Common Sense Note
Parents need to know that this workplace dramedy is more or less a "black comedy," meaning it's presented with deadpan seriousness -- but isn't meant to be taken seriously. Most kids probably won't get the joke, but older teens who tune in may appreciate the satire. The language is pretty tame for primetime, but there are a few words (like "bitchy" and "scrotum") that might be too much for tweens. There's also some sexual innuendo and casual references to office affairs, although the show goes out of its way to keep things suggestive rather than graphic.
Fairly frequent innuendo and references to sex, though not too much action is shown. A central plot line revolves around whether or not Ted, a single father, will have an interoffice affair with Linda, a single new hire. But Ted makes a reference that he already "used up" his interoffice affair, pointing out that "you only get one." It's revealed through flashback that he, in fact, already slept with his superior, Veronica, although no skin or sensitive body parts are shown -- they only appear slightly tousled.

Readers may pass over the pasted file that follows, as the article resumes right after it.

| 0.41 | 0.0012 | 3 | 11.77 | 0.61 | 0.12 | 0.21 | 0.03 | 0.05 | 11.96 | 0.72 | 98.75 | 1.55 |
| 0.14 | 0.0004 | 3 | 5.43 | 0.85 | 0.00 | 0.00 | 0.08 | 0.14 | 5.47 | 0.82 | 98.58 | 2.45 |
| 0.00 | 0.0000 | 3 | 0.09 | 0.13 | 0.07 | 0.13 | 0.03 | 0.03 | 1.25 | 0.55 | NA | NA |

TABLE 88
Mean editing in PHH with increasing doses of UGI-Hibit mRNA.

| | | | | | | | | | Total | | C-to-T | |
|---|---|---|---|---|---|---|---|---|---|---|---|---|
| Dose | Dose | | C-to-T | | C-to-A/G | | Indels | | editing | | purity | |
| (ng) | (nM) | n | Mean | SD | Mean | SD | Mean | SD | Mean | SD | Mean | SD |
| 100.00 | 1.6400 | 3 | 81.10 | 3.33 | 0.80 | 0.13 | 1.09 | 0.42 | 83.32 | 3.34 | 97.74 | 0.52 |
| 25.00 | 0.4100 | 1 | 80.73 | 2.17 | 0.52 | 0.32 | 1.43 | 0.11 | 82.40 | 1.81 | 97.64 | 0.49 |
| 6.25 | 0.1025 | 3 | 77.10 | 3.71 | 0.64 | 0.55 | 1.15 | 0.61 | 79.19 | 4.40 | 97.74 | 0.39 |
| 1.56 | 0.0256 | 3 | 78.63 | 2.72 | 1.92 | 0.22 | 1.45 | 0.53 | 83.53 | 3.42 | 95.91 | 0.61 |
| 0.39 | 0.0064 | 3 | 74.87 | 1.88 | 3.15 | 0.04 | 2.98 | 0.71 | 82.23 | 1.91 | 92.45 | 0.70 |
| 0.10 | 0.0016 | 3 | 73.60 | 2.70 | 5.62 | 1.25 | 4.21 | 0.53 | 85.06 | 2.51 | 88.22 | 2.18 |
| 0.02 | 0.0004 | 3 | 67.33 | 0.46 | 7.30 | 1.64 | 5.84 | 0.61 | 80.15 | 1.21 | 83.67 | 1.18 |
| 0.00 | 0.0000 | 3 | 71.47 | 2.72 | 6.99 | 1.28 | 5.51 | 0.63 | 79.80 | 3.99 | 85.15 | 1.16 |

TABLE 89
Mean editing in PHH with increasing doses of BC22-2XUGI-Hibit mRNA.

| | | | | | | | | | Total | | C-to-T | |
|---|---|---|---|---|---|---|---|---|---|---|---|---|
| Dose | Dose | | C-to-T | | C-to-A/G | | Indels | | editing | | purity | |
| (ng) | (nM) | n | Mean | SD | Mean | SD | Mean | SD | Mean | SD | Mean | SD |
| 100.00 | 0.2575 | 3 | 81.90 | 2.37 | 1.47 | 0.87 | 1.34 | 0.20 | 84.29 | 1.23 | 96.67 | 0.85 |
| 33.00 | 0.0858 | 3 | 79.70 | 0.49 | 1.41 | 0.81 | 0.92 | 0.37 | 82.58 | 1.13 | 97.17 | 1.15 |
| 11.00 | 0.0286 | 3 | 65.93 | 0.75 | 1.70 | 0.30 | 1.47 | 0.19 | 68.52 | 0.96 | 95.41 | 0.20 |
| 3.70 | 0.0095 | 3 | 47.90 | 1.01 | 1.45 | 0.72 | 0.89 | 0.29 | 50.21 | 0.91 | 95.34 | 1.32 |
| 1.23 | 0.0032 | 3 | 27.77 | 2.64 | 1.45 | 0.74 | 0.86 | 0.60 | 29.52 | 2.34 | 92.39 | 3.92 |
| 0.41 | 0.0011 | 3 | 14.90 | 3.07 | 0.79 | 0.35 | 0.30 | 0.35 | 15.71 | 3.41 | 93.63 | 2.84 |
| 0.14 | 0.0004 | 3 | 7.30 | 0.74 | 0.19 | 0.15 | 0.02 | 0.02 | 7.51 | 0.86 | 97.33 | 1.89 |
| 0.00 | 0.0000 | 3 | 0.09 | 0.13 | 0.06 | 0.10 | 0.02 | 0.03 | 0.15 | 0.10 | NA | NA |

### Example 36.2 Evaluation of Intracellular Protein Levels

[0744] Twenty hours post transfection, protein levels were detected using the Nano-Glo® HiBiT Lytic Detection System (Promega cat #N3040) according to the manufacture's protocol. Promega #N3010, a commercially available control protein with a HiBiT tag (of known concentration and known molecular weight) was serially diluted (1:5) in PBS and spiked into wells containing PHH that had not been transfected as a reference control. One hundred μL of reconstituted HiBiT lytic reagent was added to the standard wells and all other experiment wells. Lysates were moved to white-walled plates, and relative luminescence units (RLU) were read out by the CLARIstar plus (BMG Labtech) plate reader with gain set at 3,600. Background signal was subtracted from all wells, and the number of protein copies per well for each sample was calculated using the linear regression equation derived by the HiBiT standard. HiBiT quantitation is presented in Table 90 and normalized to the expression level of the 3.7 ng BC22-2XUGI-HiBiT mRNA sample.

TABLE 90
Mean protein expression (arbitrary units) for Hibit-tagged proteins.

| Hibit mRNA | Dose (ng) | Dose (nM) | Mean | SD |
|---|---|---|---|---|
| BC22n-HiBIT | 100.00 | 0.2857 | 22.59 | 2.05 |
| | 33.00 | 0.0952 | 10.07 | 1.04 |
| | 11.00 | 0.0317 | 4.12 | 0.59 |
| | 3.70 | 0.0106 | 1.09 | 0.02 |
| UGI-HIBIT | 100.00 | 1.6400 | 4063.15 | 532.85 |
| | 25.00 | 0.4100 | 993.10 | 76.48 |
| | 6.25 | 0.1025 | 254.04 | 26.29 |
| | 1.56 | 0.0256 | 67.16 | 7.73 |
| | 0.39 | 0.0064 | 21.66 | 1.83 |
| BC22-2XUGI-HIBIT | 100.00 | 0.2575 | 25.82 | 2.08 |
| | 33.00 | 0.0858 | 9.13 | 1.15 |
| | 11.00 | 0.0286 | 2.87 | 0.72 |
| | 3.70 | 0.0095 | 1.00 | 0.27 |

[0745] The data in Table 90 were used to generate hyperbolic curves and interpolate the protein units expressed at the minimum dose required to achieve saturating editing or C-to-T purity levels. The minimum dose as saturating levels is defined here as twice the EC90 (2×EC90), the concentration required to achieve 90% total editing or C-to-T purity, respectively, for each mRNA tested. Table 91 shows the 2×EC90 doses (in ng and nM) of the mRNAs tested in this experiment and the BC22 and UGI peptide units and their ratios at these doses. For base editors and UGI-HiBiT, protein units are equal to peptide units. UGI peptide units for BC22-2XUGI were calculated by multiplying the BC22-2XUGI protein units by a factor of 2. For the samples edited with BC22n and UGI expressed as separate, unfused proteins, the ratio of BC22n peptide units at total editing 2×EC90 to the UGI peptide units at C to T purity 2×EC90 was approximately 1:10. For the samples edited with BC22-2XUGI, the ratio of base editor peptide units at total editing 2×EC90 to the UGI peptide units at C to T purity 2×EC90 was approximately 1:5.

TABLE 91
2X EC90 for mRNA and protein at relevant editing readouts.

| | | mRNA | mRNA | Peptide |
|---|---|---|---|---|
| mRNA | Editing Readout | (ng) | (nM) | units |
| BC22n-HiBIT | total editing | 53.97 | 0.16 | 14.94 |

Some cartoonish physical violence pops up, usually in the form of unethical experiments gone awry. For example: A man is cryogenically frozen, kids are shown playing with unnamed chemicals, and company commercials include footage of missiles exploding.
Mild, mostly rare, usage of terms like "bitchy," "shut up," "douche," "scrotum," and "moron."
Ted's boss throws morality out the window in the name of profits and success, and so does Ted ... until he's faced with a sticky ethical dilemma involving a co-worker. Now he's trying to do his job with a clearer sense of right and wrong.
Veridian Dynamics is all about products and consumerism, but none of what they produce is actually real.
Drugs / Tobacco /